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ELECTED OFFICIAL & RAP ARTIST TALIB KWELI JOIN COMMUNITY WORKS & GROUNDWORK FOR SHARING OUR LIVES

“Student Produced Performance to Infuse African Dance & Rhythm with Hip Hop"
By Keith L. Forest
 
 
A group of East New York students decided to spend their spring vacation in the classroom. Not brewing over books, or crunching numbers, but learning movement, dance and rhythm from a group of artist educators with expertise in various South African arts forms as part of Community Works and Groundwork Sharing Our Lives East New York/ South Africa project.
 
These Brooklyn middle school students, who range in age from 11 – 13 and hail from IS 292 and Public Schools 328 and 260, are being exposed to a variety of South African art forms including Zulu and gumboot dance; mining chants; and African Jazz; while incorporating their own special blend of hip hop, spoken word and rap.  They will present their infused work in a student-produced work-in-progress on Friday, April 21, 2006 at the Fiorentino Campus of Junior High School 292, located at 301 Vermont Avenue in Brooklyn.   The program, which will include a special guest appearance by Brooklyn-conscious rapper Talib Kweli and a performance by renowned South African Dance Troupe Juxtapower, takes place from 3:30 – 5:00 PM.  Elected officials, parents and special invited guests will also be in attendance.
 
Sharing our Lives is a signature arts and literacy workshop program of Community Works, which offers students the opportunity to make connections with young people in other neighborhoods, locally and globally. In sharing letters and artistic expressions that celebrate their own lives, students discover their commonality with young people around the world.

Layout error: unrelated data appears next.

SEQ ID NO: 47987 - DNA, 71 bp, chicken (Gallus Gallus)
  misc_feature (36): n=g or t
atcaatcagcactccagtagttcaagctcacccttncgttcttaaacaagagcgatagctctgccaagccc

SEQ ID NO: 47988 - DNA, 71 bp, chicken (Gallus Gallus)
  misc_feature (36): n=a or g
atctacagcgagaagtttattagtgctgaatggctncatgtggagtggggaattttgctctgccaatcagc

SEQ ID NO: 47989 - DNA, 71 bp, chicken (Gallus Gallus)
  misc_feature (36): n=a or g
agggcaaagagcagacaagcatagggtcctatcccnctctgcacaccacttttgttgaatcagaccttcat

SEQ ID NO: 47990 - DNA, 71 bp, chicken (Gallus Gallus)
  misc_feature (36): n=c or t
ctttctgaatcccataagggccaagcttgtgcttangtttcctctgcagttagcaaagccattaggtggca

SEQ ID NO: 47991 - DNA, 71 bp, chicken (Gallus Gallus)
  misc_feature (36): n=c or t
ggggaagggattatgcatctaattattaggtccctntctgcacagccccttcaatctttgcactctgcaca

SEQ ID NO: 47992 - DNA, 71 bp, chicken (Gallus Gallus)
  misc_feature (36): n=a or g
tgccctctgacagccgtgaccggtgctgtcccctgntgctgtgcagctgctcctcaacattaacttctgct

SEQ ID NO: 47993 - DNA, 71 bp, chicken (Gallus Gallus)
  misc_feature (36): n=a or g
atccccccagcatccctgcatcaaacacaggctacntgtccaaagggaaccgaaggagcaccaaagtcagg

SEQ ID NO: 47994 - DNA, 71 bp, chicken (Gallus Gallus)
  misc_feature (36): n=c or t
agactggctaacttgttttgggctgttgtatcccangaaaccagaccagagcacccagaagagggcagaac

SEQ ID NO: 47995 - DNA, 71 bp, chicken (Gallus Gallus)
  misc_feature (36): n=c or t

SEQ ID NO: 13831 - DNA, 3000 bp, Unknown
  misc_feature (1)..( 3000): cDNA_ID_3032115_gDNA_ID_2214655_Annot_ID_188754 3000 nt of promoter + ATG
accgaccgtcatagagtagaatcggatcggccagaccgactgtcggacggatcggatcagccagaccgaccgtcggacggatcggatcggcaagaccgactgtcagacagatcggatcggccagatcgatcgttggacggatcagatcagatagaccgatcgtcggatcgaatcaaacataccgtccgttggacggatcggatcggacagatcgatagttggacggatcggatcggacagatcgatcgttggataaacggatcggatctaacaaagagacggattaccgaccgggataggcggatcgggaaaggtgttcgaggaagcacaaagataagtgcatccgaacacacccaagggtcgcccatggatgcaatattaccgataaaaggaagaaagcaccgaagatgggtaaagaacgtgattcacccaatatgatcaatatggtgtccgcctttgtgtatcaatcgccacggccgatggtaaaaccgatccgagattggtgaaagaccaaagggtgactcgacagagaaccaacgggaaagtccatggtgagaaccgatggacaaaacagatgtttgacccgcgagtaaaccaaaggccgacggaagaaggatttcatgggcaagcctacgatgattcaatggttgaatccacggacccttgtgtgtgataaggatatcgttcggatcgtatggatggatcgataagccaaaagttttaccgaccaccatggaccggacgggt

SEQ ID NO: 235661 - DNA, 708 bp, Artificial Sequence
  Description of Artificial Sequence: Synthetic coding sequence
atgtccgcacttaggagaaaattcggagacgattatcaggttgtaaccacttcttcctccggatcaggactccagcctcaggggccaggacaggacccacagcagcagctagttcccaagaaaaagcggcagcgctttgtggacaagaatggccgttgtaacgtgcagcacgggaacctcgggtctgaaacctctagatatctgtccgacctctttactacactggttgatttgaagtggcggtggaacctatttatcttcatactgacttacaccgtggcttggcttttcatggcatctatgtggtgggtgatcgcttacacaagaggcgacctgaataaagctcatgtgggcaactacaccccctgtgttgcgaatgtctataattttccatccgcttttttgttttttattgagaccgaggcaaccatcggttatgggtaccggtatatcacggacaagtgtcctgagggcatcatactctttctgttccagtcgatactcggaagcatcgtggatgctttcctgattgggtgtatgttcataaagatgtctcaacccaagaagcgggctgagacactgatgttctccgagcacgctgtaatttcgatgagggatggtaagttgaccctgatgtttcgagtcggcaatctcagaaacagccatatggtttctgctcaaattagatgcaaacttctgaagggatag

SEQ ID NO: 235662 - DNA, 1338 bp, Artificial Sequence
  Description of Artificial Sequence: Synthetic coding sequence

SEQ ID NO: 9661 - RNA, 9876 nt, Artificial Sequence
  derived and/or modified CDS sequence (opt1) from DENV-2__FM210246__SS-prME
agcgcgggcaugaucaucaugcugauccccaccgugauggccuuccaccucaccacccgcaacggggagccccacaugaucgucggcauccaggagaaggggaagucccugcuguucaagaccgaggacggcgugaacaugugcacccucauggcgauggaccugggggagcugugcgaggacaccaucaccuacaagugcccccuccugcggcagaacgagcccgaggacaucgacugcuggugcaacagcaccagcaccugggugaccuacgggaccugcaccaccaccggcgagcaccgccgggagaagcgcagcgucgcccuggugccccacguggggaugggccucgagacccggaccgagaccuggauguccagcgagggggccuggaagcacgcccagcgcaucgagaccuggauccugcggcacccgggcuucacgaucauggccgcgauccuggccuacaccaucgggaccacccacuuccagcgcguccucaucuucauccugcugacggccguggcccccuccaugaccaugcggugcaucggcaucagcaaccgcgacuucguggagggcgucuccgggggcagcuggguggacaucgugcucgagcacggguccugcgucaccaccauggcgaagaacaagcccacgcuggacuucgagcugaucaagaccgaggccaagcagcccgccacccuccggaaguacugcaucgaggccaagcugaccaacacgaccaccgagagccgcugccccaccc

In addition to art skills, participants are learning about South African history and experiencing contemporary life through a variety of guest artists and speakers. The cultural exchange will be enhanced through video and the internet, with the East New York students and students from the Theo-Thwala School east of Johannesburg, South Africa.
 
According the Barbara Horowitz, Founder and President of Community Works, “In1994 Community Works created its first global project connecting young students from Capetown, South Africa to students from Martin Luther King Jr. High School in New York City.  Today, we are so proud that 12 years later we are re-visiting post-Apartheid South Africa with this unique cultural exchange initiative.”
 
Community Works is a leading nonprofit arts education organization that was founded by Barbara Horowitz in 1990. Its mission is to build bridges between diverse cultures and neighborhoods by using the arts as a tool for social and personal change, and sharing community stories that connect us all.  Community Works collaborates with over 550 public schools, 300 artists, and 220 cultural and community associations annually, serving over 200,000 students and community members borough-wide, through its acclaimed public arts exhibitions, multicultural performances, workshops and mentoring programs.
 
Founded by Richard Buery and Andrea Schorr in 2002, Groundwork’s mission is to help neighbors build powerful communities.  Its after-school and summer programs for elementary and middle school children give them the skills and confidence they need to become engaged, educated citizens.  Groundwork’s work experience and college preparatory  programs for teenagers teach youth to become leaders while guiding them to success in academics and in life.  Groundwork currently serves nearly 600 children and 1,000 familes annually residing in East New York, Brooklyn

© 2006
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